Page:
@interface AnimalTableController (Delegate)<ASTableDelegate>

Now that AnimalTableController declares conformance to ASTableDelegate, it’s time to handle the implementation. Navigate towards the bottom of AnimalTableController.m and find the implementation of this Delegate category.

As I’m sure you’re aware, with a UITableView you usually need to, at least, provide an implementation of -tableView:heightForRowAtIndexPath:. This is because, with UIKit, the height of each cell is calculated and returned by the table’s delegate.

ASTableDelegate lacks -tableView:heightForRowAtIndexPath:. In ASDK, all ASCellNodes are responsible for determining their own size. Instead of being providing a static height, you can optionally define a minimum and maximum size for your cells. In this case, you want each cell to at least be as tall as 2/3rds of the screen.

Don’t worry about this too much right now; it’s covered in detail in part two of this series.

For now, just replace -tableView:heightForRowAtIndexPath: with:

- (ASSizeRange)tableView:(ASTableView *)tableNode 
  constrainedSizeForRowAtIndexPath:(NSIndexPath *)indexPath {
  CGFloat width = [UIScreen mainScreen].bounds.size.width;
  CGSize min = CGSizeMake(width, ([UIScreen mainScreen].bounds.size.height/3) * 2);
  CGSize max = CGSizeMake(width, INFINITY);
  return ASSizeRangeMake(min, max);

After all your hard work, go ahead and build and run to see what you have.


That is one smooth table! Once you’ve composed yourself a little, get ready to make it even better.

Infinite Scrolling with Batch Fetching

In most apps, the server has more data points available than the number of cells you’d want to show in your average table. This means that darn near every app you work on will have some mechanism set up to load another batch of objects from the server as the user approaches the end of the current data set.

Many times, this is handled by manually observing the content offset in the scroll view delegate method -scrollViewDidScroll:. With ASDK, there is a more declarative way of doing things. Instead, you can describe how many pages in advance you’d like to load new content.

The first thing you’ll do, is uncomment the helper methods that have been included. Go to the end of AnimalTableController.m and uncomment the two methods in the Helpers category. You can think of -retrieveNextPageWithCompletion: as your networking call, while -insertNewRowsInTableNode: is a pretty standard method for adding new elements to a table.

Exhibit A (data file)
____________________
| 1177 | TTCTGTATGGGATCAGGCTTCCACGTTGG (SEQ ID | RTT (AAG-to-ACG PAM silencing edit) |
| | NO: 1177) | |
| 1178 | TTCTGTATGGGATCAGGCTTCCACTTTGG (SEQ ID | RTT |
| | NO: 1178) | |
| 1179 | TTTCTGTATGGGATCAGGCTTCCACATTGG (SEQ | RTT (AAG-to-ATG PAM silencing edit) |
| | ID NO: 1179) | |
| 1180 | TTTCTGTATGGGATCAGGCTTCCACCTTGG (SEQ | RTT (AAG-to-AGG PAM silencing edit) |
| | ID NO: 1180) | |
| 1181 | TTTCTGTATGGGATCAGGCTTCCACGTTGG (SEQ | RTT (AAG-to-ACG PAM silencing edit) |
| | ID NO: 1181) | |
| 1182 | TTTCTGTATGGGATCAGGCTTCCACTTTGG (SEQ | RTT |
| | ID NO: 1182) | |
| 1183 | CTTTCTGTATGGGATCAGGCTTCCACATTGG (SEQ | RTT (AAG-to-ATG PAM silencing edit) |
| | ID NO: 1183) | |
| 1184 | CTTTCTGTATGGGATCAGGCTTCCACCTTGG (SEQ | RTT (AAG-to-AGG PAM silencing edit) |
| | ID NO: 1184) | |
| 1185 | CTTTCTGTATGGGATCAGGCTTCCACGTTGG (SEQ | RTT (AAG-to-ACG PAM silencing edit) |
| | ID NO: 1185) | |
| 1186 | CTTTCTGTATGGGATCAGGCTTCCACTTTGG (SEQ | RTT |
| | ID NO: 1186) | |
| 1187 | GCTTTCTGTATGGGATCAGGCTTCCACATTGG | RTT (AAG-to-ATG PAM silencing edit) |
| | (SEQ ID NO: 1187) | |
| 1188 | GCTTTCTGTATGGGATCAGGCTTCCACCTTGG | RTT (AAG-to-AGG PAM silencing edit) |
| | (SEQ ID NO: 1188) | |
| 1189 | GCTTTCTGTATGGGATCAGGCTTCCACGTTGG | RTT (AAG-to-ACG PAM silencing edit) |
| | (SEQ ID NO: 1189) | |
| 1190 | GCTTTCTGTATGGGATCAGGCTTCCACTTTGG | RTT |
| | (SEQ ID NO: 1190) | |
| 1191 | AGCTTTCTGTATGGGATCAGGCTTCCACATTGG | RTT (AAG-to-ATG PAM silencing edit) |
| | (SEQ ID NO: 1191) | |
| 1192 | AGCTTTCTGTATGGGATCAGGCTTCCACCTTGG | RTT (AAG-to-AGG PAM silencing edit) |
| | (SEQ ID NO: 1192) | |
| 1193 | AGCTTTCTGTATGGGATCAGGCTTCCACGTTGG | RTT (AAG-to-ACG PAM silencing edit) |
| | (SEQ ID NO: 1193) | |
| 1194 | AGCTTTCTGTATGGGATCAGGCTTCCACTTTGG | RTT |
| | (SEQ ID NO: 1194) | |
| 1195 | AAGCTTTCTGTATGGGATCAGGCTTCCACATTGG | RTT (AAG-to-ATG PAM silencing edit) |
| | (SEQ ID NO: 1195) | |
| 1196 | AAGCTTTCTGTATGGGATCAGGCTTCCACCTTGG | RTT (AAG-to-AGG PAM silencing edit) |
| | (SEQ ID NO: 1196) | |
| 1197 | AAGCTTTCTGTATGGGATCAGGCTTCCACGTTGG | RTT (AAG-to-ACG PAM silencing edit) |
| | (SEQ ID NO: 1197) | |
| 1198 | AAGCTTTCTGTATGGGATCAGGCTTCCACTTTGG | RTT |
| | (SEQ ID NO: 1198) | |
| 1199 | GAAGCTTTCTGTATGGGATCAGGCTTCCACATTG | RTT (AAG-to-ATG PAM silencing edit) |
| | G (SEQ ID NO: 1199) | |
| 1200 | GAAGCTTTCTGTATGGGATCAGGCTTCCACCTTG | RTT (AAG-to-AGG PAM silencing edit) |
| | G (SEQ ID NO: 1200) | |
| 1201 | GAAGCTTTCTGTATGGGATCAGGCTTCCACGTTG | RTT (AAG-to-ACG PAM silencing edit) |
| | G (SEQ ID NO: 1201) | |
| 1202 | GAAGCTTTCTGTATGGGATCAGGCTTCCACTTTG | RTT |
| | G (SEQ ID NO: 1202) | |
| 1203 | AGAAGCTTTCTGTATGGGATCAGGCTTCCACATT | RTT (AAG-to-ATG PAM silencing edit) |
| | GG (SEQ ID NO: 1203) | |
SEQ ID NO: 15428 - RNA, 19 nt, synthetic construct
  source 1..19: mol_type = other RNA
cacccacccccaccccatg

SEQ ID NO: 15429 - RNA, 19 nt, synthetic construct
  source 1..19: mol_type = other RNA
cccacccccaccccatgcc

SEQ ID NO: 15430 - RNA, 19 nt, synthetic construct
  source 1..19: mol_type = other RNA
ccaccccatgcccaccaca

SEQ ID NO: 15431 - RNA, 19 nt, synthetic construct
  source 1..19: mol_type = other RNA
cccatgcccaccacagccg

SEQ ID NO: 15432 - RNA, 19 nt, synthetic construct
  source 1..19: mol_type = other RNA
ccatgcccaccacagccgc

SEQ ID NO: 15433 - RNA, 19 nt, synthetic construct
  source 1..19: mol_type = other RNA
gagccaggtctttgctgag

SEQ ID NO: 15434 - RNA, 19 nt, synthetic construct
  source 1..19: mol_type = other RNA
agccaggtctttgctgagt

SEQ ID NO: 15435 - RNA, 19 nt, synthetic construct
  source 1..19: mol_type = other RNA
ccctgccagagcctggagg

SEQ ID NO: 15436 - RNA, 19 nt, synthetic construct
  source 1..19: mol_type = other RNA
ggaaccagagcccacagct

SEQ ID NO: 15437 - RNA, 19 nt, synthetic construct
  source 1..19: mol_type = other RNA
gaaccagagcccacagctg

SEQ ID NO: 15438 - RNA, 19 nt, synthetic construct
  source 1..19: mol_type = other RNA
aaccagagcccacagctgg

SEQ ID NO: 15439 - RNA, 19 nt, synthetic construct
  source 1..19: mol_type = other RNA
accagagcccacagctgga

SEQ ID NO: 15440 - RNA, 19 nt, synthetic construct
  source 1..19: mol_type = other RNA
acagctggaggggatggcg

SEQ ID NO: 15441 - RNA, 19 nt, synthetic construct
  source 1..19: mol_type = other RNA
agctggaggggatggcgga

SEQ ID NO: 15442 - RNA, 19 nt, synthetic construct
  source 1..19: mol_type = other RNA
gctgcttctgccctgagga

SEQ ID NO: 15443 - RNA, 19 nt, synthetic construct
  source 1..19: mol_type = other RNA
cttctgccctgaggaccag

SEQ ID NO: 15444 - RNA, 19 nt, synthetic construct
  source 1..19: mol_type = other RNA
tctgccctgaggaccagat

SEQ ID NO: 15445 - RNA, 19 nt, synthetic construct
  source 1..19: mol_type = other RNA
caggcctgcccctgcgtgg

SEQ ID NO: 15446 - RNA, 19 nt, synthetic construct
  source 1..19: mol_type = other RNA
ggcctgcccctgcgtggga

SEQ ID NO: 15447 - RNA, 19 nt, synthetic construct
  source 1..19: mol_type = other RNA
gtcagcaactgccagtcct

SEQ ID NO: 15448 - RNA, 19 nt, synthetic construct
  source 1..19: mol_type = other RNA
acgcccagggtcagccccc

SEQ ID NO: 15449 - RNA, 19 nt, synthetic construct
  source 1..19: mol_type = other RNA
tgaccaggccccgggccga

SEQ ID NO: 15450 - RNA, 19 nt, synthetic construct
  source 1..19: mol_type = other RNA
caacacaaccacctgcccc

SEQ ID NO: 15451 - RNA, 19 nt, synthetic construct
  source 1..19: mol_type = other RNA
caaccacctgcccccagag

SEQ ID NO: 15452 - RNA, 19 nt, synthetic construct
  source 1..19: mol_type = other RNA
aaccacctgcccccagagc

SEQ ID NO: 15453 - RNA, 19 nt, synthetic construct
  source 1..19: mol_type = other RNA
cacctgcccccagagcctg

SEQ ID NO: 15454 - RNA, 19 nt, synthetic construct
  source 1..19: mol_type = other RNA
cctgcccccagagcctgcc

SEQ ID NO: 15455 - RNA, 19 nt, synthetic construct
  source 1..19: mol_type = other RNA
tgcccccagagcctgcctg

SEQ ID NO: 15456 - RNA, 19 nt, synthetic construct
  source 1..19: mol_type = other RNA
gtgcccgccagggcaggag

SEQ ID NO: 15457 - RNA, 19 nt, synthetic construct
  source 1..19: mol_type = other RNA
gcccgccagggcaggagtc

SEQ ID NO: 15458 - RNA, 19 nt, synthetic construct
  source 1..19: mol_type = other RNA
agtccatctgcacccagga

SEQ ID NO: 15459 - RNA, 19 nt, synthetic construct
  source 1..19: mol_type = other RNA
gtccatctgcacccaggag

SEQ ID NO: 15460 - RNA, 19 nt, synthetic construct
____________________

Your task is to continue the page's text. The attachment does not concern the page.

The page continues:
Next, add the following line to -viewDidLoad:.

self.tableNode.view.leadingScreensForBatching = 1.0;  // overriding default of 2.0

Setting leadingScreensForBatching to 1.0 means that you want new batches to be fetched whenever the user has scrolled to the point where only 1 screenful of content is left in the table before they would reach the end.

Next, add the following method to the Delegate category implementation:

- (BOOL)shouldBatchFetchForTableNode:(ASTableNode *)tableNode {
  return YES;

This method is used to tell the table whether or not it should keep making requests for new batches after this one. If you know you’ve reached the end of your API’s data, return NO and no more requests will be made.

Since you really do want this table to scroll forever, just return YES to ensure new batches will always be requested.

Next, also add:

- (void)tableNode:(ASTableNode *)tableNode willBeginBatchFetchWithContext:(ASBatchContext *)context {
  [self retrieveNextPageWithCompletion:^(NSArray *animals) {
    [self insertNewRowsInTableNode:animals];
    [context completeBatchFetching:YES];

This method is called when the user has neared the end of the table and the table has received a YES from -shouldBatchFetchForTableNode:.

Let’s review this section by section:

  1. First, you make a request for the next batch of animals to show. Usually this is an array of objects coming back from an API.
  2. On completion, update the table with the newly downloaded data.
  3. Finally, make sure to call -completeBatchFetching: with YES when you’re done. New batch fetching requests won’t be made until this one has been completed.

Build, run, and just start swiping. Don’t stop until you don’t care to see another bird. They are infinite.